U.S. Stocks cool ahead of Fed, pound skids on disappointing GDP

By Reuters

Apr 28, 2015 06:42 AM EDT

World shares shuffled away from all-time highs on Tuesday as surging Chinese stocks took a breather and investors began to retreat to the sidelines ahead of the Federal Reserve's policy meeting.

European bourses and the euro also dipped in early trading after both had been boosted on Monday by a revamp of Greece's negotiating team, while the pound tumbled on weak UK growth figures just ahead of next week's tightly contested national election.

Quarterly growth came in at 0.3 percent, well below forecasts of 0.5 percent and the slowest pace in more than two years.

The figures were seen as loaded with significance coming just nine days before an election and its aftermath, when Britain's future cohesion and its membership of the European Union could be potentially at stake.

"I think the real risk is so much uncertainty," said Societe Generale strategist Kit Juckes.

"We could have two elections in 12-18 months and that would just see a cacophony of policy suggestions that would only add to that uncertainty."

The pound had been hovering at a near two-month high but the data pushed it down to $1.5188 from $1.5258 and to 1.39 from 1.40 versus the euro.

Britain's FTSE stock index, which has been riding a wave of all-time European highs in recent weeks, was left 0.8 percent lower, although the fall was broadly in line with moves on Germany's DAX and France's CAC 40.

Overnight in Asia, MSCI's broadest index of Asia-Pacific shares outside Japan had followed Wall Street lower as it dropped 0.5 percent, but only after touching its highest level since January 2008.

The main culprit was Chinese shares, which dropped 1.4 percent. They though have almost doubled in value since October on the launch of Western and domestic market-friendly trading links and monetary policy easing hopes.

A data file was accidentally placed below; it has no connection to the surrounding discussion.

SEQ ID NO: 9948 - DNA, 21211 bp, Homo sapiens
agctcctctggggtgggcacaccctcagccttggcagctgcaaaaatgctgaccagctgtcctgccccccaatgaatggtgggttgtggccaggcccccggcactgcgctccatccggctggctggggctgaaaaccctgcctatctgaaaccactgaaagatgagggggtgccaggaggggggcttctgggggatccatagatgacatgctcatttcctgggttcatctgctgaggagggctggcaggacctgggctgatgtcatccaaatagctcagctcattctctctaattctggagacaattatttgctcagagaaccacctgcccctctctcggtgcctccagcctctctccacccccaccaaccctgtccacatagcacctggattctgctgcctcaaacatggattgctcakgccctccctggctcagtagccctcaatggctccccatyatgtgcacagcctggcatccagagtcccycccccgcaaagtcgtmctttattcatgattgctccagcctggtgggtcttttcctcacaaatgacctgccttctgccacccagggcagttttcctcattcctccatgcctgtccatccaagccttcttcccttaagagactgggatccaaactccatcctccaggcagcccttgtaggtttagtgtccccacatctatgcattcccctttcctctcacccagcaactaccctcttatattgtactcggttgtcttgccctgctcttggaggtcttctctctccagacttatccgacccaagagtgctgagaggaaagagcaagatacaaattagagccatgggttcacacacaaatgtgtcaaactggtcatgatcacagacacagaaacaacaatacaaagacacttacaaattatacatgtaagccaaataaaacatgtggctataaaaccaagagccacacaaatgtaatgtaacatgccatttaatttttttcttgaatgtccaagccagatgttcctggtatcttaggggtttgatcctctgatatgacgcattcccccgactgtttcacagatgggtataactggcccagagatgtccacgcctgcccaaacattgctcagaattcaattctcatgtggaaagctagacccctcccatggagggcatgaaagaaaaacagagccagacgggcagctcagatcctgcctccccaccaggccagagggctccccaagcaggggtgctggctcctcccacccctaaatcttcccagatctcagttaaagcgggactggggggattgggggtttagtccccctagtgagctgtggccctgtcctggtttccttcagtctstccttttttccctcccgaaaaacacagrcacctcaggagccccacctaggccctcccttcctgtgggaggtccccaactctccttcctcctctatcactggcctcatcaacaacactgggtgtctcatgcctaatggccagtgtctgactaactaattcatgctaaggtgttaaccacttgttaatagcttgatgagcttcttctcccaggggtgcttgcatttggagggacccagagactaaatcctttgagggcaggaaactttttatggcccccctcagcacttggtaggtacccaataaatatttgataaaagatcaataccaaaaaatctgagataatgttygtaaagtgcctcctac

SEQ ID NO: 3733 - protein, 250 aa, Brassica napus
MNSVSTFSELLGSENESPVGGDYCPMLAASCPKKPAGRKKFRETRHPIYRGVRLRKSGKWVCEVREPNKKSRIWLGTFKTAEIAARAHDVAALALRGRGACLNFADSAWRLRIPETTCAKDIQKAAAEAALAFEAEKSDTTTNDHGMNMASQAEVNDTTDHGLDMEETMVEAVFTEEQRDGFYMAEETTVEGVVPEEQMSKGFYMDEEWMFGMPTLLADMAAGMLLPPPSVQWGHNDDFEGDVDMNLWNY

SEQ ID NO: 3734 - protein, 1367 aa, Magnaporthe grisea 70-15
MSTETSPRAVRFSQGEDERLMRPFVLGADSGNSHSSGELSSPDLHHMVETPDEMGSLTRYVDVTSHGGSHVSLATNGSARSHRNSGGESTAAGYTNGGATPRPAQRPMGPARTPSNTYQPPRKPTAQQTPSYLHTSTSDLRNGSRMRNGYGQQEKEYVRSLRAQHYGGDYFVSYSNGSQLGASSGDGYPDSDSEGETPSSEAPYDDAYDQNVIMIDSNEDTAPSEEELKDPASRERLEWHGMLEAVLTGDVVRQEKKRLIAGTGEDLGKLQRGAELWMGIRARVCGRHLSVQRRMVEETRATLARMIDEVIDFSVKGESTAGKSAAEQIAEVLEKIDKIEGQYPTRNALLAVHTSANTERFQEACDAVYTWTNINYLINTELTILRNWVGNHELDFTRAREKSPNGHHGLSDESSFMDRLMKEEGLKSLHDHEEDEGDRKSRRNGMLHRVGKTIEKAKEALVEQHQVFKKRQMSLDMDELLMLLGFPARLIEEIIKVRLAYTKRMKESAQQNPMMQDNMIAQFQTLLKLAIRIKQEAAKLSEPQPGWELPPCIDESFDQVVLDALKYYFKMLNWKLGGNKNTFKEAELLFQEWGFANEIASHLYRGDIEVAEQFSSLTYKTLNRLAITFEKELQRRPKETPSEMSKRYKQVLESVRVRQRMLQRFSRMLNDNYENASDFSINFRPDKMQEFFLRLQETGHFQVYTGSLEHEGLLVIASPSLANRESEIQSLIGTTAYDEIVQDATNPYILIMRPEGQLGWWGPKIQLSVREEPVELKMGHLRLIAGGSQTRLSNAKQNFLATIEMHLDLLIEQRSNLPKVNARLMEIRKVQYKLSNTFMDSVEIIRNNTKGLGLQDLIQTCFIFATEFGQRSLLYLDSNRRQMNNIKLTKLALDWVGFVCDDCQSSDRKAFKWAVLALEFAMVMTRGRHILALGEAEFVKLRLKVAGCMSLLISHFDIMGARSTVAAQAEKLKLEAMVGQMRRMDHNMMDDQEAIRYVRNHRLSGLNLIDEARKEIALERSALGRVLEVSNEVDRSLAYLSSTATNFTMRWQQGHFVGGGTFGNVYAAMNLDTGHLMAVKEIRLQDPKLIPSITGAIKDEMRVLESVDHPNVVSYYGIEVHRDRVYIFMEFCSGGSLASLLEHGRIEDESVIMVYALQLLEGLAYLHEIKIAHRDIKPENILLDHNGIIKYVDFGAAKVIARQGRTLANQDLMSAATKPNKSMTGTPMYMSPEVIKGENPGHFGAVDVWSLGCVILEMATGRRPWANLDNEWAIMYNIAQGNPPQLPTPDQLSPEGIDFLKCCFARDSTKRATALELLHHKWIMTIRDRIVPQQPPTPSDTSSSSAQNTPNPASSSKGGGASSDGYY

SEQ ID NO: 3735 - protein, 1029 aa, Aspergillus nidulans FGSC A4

Investors were also looking to limit their risk ahead of the start of the two-day Fed meeting later.

There will be no news conference or forecasts this time around and analysts expect no change in the central bank's policy statement following recent weaker-than-forecast domestic data.

The dollar, whose strength has also been seen as a factor in the soft data, was little changed against most of the world's other major currencies and was at 119.095 yen after touching 119.44 overnight. The Bank of Japan also meets this week.

The euro was in focus too, having climbed to a three-week peak of $1.0927, well off its 12-year nadir of $1.0457 plumbed in mid-March. It last stood at $1.0873, down about 0.1 percent on the day.

Greek Prime Minister Alexis Tsipras on Monday reshuffled his team handling talks with European and IMF lenders, a move widely seen as an effort to relegate embattled Finance Minister Yanis Varoufakis and get talks back on a better track.

"He (Varoufakis) is creating a number of tensions so that (reshuffle) can certainly help the negotiations," one of the ECB's top policymakers and Bank of France chief, Christian Noyer, said on Tuesday.

In commodities trading, crude oil extended Monday's losses as ample global supply blunted support from the conflict in Yemen and the falling number of U.S. rigs drilling for oil.

Weekly U.S. crude inventory data is also expected to show another high, and Saudi Arabia pledged to supply more oil to China if needed, which kept traders cautious after prices reached 2015 peaks last week.

Brent was down about 1 percent at $64.19 a barrel, while U.S. crude shed about 1.2 percent to $56.33. Gold, meanwhile was flat at $1,200 an ounce.

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